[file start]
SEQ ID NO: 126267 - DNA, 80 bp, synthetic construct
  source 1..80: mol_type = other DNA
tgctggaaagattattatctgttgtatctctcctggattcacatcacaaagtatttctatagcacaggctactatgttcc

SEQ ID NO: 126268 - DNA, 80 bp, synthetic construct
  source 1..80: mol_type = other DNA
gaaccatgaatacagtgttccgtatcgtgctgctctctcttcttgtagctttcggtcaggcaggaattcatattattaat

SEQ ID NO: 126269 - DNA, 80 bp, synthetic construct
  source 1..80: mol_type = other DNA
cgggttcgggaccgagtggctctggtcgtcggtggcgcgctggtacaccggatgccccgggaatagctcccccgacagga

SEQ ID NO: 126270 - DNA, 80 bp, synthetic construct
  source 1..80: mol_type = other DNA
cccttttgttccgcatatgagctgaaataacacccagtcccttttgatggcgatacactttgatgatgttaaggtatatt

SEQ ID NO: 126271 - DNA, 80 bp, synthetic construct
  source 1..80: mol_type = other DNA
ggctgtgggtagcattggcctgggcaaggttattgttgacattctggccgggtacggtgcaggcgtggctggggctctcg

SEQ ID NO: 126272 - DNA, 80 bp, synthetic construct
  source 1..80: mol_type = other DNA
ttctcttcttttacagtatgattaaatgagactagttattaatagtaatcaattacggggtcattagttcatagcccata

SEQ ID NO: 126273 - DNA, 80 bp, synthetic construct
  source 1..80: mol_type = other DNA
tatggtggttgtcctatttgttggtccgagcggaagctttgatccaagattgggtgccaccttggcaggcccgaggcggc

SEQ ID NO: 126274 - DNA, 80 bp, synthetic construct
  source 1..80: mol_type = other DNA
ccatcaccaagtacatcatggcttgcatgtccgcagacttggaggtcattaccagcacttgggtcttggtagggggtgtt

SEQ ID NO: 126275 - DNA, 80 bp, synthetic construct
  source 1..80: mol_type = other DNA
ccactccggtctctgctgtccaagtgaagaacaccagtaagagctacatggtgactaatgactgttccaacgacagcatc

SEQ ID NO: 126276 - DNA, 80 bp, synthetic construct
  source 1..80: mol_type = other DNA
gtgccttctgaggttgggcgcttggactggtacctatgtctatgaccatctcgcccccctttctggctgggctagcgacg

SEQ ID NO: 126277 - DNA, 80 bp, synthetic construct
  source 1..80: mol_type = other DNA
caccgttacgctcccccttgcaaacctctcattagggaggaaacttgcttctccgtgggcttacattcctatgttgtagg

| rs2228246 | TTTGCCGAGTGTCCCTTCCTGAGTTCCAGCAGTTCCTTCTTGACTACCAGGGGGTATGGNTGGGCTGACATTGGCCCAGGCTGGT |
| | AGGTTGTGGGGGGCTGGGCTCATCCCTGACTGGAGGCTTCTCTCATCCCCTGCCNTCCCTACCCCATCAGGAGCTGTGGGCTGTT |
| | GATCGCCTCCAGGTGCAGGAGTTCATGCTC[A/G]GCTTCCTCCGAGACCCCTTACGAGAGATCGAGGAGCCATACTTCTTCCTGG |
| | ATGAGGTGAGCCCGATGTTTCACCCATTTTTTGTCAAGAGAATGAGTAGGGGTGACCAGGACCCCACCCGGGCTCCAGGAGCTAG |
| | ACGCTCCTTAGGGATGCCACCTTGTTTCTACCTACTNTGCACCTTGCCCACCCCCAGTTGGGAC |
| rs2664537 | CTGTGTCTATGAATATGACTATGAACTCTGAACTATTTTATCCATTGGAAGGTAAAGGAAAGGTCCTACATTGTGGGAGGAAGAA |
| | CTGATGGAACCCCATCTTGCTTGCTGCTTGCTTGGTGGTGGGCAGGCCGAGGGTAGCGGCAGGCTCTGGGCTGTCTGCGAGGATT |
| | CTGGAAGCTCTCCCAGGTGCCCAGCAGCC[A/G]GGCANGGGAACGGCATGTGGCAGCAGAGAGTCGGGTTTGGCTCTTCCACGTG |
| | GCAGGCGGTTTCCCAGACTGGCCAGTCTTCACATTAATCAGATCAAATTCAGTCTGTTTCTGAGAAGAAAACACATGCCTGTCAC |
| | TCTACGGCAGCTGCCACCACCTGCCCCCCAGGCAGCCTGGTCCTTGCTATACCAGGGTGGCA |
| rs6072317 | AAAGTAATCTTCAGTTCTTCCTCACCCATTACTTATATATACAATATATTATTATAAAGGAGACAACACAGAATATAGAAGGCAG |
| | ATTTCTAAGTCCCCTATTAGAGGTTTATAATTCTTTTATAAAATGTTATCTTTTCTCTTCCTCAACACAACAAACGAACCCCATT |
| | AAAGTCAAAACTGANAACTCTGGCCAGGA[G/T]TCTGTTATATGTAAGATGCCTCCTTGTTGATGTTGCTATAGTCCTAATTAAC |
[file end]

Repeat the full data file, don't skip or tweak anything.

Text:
SEQ ID NO: 126267 - DNA, 80 bp, synthetic construct
  source 1..80: mol_type = other DNA
tgctggaaagattattatctgttgtatctctcctggattcacatcacaaagtatttctatagcacaggctactatgttcc

SEQ ID NO: 126268 - DNA, 80 bp, synthetic construct
  source 1..80: mol_type = other DNA
gaaccatgaatacagtgttccgtatcgtgctgctctctcttcttgtagctttcggtcaggcaggaattcatattattaat

SEQ ID NO: 126269 - DNA, 80 bp, synthetic construct
  source 1..80: mol_type = other DNA
cgggttcgggaccgagtggctctggtcgtcggtggcgcgctggtacaccggatgccccgggaatagctcccccgacagga

SEQ ID NO: 126270 - DNA, 80 bp, synthetic construct
  source 1..80: mol_type = other DNA
cccttttgttccgcatatgagctgaaataacacccagtcccttttgatggcgatacactttgatgatgttaaggtatatt

SEQ ID NO: 126271 - DNA, 80 bp, synthetic construct
  source 1..80: mol_type = other DNA
ggctgtgggtagcattggcctgggcaaggttattgttgacattctggccgggtacggtgcaggcgtggctggggctctcg

SEQ ID NO: 126272 - DNA, 80 bp, synthetic construct
  source 1..80: mol_type = other DNA
ttctcttcttttacagtatgattaaatgagactagttattaatagtaatcaattacggggtcattagttcatagcccata

SEQ ID NO: 126273 - DNA, 80 bp, synthetic construct
  source 1..80: mol_type = other DNA
tatggtggttgtcctatttgttggtccgagcggaagctttgatccaagattgggtgccaccttggcaggcccgaggcggc

SEQ ID NO: 126274 - DNA, 80 bp, synthetic construct
  source 1..80: mol_type = other DNA
ccatcaccaagtacatcatggcttgcatgtccgcagacttggaggtcattaccagcacttgggtcttggtagggggtgtt

SEQ ID NO: 126275 - DNA, 80 bp, synthetic construct
  source 1..80: mol_type = other DNA
ccactccggtctctgctgtccaagtgaagaacaccagtaagagctacatggtgactaatgactgttccaacgacagcatc

SEQ ID NO: 126276 - DNA, 80 bp, synthetic construct
  source 1..80: mol_type = other DNA
gtgccttctgaggttgggcgcttggactggtacctatgtctatgaccatctcgcccccctttctggctgggctagcgacg

SEQ ID NO: 126277 - DNA, 80 bp, synthetic construct
  source 1..80: mol_type = other DNA
caccgttacgctcccccttgcaaacctctcattagggaggaaacttgcttctccgtgggcttacattcctatgttgtagg

| rs2228246 | TTTGCCGAGTGTCCCTTCCTGAGTTCCAGCAGTTCCTTCTTGACTACCAGGGGGTATGGNTGGGCTGACATTGGCCCAGGCTGGT |
| | AGGTTGTGGGGGGCTGGGCTCATCCCTGACTGGAGGCTTCTCTCATCCCCTGCCNTCCCTACCCCATCAGGAGCTGTGGGCTGTT |
| | GATCGCCTCCAGGTGCAGGAGTTCATGCTC[A/G]GCTTCCTCCGAGACCCCTTACGAGAGATCGAGGAGCCATACTTCTTCCTGG |
| | ATGAGGTGAGCCCGATGTTTCACCCATTTTTTGTCAAGAGAATGAGTAGGGGTGACCAGGACCCCACCCGGGCTCCAGGAGCTAG |
| | ACGCTCCTTAGGGATGCCACCTTGTTTCTACCTACTNTGCACCTTGCCCACCCCCAGTTGGGAC |
| rs2664537 | CTGTGTCTATGAATATGACTATGAACTCTGAACTATTTTATCCATTGGAAGGTAAAGGAAAGGTCCTACATTGTGGGAGGAAGAA |
| | CTGATGGAACCCCATCTTGCTTGCTGCTTGCTTGGTGGTGGGCAGGCCGAGGGTAGCGGCAGGCTCTGGGCTGTCTGCGAGGATT |
| | CTGGAAGCTCTCCCAGGTGCCCAGCAGCC[A/G]GGCANGGGAACGGCATGTGGCAGCAGAGAGTCGGGTTTGGCTCTTCCACGTG |
| | GCAGGCGGTTTCCCAGACTGGCCAGTCTTCACATTAATCAGATCAAATTCAGTCTGTTTCTGAGAAGAAAACACATGCCTGTCAC |
| | TCTACGGCAGCTGCCACCACCTGCCCCCCAGGCAGCCTGGTCCTTGCTATACCAGGGTGGCA |
| rs6072317 | AAAGTAATCTTCAGTTCTTCCTCACCCATTACTTATATATACAATATATTATTATAAAGGAGACAACACAGAATATAGAAGGCAG |
| | ATTTCTAAGTCCCCTATTAGAGGTTTATAATTCTTTTATAAAATGTTATCTTTTCTCTTCCTCAACACAACAAACGAACCCCATT |
| | AAAGTCAAAACTGANAACTCTGGCCAGGA[G/T]TCTGTTATATGTAAGATGCCTCCTTGTTGATGTTGCTATAGTCCTAATTAAC |